The Federal Communications Commission on Thursday gave a conditional go-ahead to companies seeking to market products employing ultra-wideband technology.
The Federal Communications Commission on Thursday gave a conditional go-ahead to companies seeking to market products employing ultra-wideband (UWB) technology.
UWB operates by releasing many small bursts of radio signals at very high speeds over a wide radio spectrum, rather than, as more established wireless technologies do, issuing a protracted signal over a limited frequency range.
Proponents claim a variety of potential consumer, business and safety uses for UWB, from virtually interference free, energy-efficient, super high-speed voice and data transmission, to devices that could enhance public safety with highly accurate imaging and location capabilities.
For example, law enforcement and rescue workers could use UWB to find people trapped under debris or held hostage behind walls. Engineers could locate structural defects in various edifices. And automobile companies could use UWB for enhanced collision avoidance applications.
The FCC, in a written statement accompanying its "First Report and Order," agreed UWB has potential, and seemed to reject some claims that it could create dangerous interference. "With appropriate technical standards, UWB devices can operate using spectrum occupied by existing radio services without causing interference, thereby permitting scarce spectrum resources to be used more efficiently," the Commission said.
Since there is little "operational experience" with the technology, however, the FCC said it would "err on the side of conservatism in setting emission limits when there were unresolved interference issues." The FCC also said it would "act vigorously to enforce the rules and act quickly on any reports of interference." It will also review its standards for UWB devices in the next six to twelve months, in the interest of making the standards more flexible.
"Were very pleased by todays decision, we went from being illegal to legal today," said Jeff Ross, vice president for corporate development and strategy at Time Domain, a Huntsville, Alabama company that has been pitching UWB to the FCC since 1987.
Ross said his company is awaiting the final specifications accompanying Thursdays FCC announcement before being able to discern all of the implications for potential products, but, "based upon what they have put out there today, I think its a good positive step forward, its going to allow us to get some products to market." He said Time Domain expects to have a chipset out in the next couple of months, and products from its partners out "hopefully by the end of the year."
"The biggest thing this technology will be used for," said Ross, "is indoor, short-range, high-data rate communications," such as Personal Area Networks and Device Area Networks. At 100 Mbs per second, over short distance, probably within a room, Ross said. "I think youll see it first within the consumer market."
UWB opponents however, particularly in the aviation industry, have charged that new UWB devices could disrupt global positioning systems and other airborne safety devices if operating in a frequency range under 6 Ghz, what the Air Transport Association of America (ATA) labels the "safety-of-life spectrum."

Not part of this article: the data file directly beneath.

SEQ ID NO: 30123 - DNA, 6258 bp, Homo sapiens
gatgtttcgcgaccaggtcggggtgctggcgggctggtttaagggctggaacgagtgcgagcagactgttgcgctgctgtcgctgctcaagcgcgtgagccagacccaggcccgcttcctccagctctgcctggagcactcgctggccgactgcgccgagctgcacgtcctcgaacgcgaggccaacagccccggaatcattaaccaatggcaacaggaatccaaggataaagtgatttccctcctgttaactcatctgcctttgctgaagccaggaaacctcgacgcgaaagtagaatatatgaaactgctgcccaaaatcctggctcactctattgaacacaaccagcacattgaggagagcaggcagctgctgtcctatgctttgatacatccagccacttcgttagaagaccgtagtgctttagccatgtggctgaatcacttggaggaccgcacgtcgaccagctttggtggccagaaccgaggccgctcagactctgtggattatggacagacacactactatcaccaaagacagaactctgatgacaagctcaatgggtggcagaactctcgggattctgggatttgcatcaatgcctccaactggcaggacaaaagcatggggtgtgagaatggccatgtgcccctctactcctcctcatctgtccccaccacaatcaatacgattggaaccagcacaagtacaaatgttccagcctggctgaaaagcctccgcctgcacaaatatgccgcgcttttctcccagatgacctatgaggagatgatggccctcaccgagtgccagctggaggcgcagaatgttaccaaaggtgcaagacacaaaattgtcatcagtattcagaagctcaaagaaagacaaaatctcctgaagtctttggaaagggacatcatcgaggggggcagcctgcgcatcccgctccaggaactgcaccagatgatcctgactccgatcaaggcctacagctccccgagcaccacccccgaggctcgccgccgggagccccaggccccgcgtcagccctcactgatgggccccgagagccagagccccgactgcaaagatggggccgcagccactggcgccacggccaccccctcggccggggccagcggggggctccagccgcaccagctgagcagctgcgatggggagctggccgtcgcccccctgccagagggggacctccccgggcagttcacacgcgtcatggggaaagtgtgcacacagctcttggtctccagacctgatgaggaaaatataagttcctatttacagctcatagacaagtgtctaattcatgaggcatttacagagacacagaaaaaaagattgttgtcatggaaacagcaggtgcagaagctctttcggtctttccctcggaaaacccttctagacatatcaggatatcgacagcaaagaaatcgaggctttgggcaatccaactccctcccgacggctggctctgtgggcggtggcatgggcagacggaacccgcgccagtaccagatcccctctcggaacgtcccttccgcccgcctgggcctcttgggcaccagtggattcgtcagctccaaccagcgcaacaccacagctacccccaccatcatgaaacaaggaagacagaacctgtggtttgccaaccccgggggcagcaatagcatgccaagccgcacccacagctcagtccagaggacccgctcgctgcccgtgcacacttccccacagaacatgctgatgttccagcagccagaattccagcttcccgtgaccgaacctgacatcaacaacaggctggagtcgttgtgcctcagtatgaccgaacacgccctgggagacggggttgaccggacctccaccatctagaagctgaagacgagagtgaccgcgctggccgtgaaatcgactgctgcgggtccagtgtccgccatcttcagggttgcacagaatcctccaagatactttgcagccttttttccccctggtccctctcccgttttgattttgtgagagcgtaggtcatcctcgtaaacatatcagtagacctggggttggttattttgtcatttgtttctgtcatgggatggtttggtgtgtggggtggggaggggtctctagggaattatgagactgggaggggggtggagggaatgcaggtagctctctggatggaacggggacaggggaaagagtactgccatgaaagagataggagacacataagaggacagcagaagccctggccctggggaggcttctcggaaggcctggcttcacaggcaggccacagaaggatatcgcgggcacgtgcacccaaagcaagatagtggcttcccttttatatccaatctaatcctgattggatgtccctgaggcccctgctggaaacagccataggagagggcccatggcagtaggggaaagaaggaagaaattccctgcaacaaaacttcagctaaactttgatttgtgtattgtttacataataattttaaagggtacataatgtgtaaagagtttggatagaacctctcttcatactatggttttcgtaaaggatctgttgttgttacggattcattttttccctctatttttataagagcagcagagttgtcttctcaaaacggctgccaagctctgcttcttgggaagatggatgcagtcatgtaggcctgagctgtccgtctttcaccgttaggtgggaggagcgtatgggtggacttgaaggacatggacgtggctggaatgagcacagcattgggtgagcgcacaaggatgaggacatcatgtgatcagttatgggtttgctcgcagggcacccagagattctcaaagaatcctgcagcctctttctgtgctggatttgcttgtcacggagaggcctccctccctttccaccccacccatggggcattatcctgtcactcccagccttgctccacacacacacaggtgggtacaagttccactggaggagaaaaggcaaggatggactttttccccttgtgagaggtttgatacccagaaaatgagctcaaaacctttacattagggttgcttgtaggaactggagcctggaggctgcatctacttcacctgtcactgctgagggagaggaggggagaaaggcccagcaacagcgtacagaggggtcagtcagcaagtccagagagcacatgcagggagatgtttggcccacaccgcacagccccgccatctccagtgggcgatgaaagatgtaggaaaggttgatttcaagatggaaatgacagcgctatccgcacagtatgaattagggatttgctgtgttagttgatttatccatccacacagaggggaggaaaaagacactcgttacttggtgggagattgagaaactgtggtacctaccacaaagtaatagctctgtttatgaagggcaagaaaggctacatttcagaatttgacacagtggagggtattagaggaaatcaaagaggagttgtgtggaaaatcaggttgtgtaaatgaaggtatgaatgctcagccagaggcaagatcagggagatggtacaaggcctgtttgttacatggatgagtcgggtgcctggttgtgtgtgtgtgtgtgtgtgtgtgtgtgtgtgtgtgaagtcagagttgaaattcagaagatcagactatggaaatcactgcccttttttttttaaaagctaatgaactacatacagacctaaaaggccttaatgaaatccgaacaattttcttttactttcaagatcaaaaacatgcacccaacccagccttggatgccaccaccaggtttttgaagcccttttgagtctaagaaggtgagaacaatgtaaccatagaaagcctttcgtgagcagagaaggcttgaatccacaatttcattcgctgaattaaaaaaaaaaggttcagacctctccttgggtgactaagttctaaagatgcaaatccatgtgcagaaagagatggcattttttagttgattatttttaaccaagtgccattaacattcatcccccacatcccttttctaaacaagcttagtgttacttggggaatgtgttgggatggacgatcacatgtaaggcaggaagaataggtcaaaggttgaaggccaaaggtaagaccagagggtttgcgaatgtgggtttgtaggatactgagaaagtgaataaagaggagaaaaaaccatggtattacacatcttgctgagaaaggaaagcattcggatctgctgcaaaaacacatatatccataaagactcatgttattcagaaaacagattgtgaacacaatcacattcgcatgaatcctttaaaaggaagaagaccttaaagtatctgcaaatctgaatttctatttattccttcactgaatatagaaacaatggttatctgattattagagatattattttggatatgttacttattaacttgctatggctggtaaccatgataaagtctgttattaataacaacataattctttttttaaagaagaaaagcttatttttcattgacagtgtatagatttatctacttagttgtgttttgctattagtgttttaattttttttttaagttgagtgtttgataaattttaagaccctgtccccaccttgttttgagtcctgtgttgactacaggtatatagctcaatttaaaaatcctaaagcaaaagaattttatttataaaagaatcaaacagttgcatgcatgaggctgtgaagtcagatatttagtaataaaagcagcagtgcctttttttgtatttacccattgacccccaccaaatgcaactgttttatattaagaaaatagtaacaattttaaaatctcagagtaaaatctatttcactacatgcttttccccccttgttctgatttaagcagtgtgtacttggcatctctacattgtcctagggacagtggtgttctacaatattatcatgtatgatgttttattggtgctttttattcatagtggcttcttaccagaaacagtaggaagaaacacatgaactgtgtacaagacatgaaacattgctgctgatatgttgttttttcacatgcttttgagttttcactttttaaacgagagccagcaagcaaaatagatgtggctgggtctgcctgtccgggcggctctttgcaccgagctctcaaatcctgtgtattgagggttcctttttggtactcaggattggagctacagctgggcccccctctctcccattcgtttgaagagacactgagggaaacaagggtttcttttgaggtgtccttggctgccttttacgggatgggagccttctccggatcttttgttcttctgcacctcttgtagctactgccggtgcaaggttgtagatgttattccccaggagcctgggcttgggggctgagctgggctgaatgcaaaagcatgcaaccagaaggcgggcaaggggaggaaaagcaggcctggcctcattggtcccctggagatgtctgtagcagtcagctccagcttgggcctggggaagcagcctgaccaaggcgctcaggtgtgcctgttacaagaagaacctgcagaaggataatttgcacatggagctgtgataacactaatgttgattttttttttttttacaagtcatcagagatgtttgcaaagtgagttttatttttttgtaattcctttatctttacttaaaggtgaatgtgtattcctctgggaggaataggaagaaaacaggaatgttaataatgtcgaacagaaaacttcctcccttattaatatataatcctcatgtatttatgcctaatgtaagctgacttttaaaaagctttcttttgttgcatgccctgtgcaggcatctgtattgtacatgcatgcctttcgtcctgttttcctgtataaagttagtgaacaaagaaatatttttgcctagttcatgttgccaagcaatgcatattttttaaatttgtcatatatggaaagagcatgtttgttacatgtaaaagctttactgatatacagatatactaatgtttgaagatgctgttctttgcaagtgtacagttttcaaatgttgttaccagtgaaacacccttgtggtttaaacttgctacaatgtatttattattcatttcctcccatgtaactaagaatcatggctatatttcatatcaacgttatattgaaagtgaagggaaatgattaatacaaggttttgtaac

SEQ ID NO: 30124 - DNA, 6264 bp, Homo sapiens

The FCCs decision Thursday allows some UWB technologies to fall below that threshold.
"No level or amount of interference - no matter how weak, intermittent or infrequent - is acceptable for aviation," said the ATA President and CEO Carol Hallett in a prepared statement a few days before the FCCs decision. "It is of paramount importance for the FCC to ensure that UWB technologies avoid any interference with transmissions in restricted spectrum bands. Anything else significantly threatens aviation safety - a risk too great to impose on the public."
ATA officials were not immediately for comment on Thursday. However, they have cited previous government practice, dating back to the Communications Act of 1934, to place the burden of proof on those promoting new UWB devices.
"We firmly take the position that the burden to demonstrate that a proposed unlicensed device will not cause harmful interference to authorized aviation technologies lies with the device proponent," said Hallet, in a prepared statement.
Ross rebutted these concerns by comparing UWB technology to laptops and handhelds in use today. "There are already billions of devices operating . . . at 2000 times greater power than what they authorized for ultra-wideband today," he said, "and with those billions of devices out in those bands, and there havent been any problems to the GPS system, there certainly cant be any problem with ultra-wideband operating at 2000 times lower. Its almost silly."
Ross charged that many alarms about UWB are being raised for competitive reasons, but at the same time he downplayed UWBs potential to undercut existing technologies. He said, for example, that GPS and UWB are actually "complementary" location technologies.
And to those who think UWB will undercut Bluetooth, the emergent wireless standard for data transmission, he argued that each would lead in totally different directions for applications. At 100 Mbs per second, with position-location and high spatial-capacity without interference for UWB, compared to 720 Kbs for Bluetooth data transmission from laptops and other devices, he said, "it would be like having a laser when all you need is a pocketknife."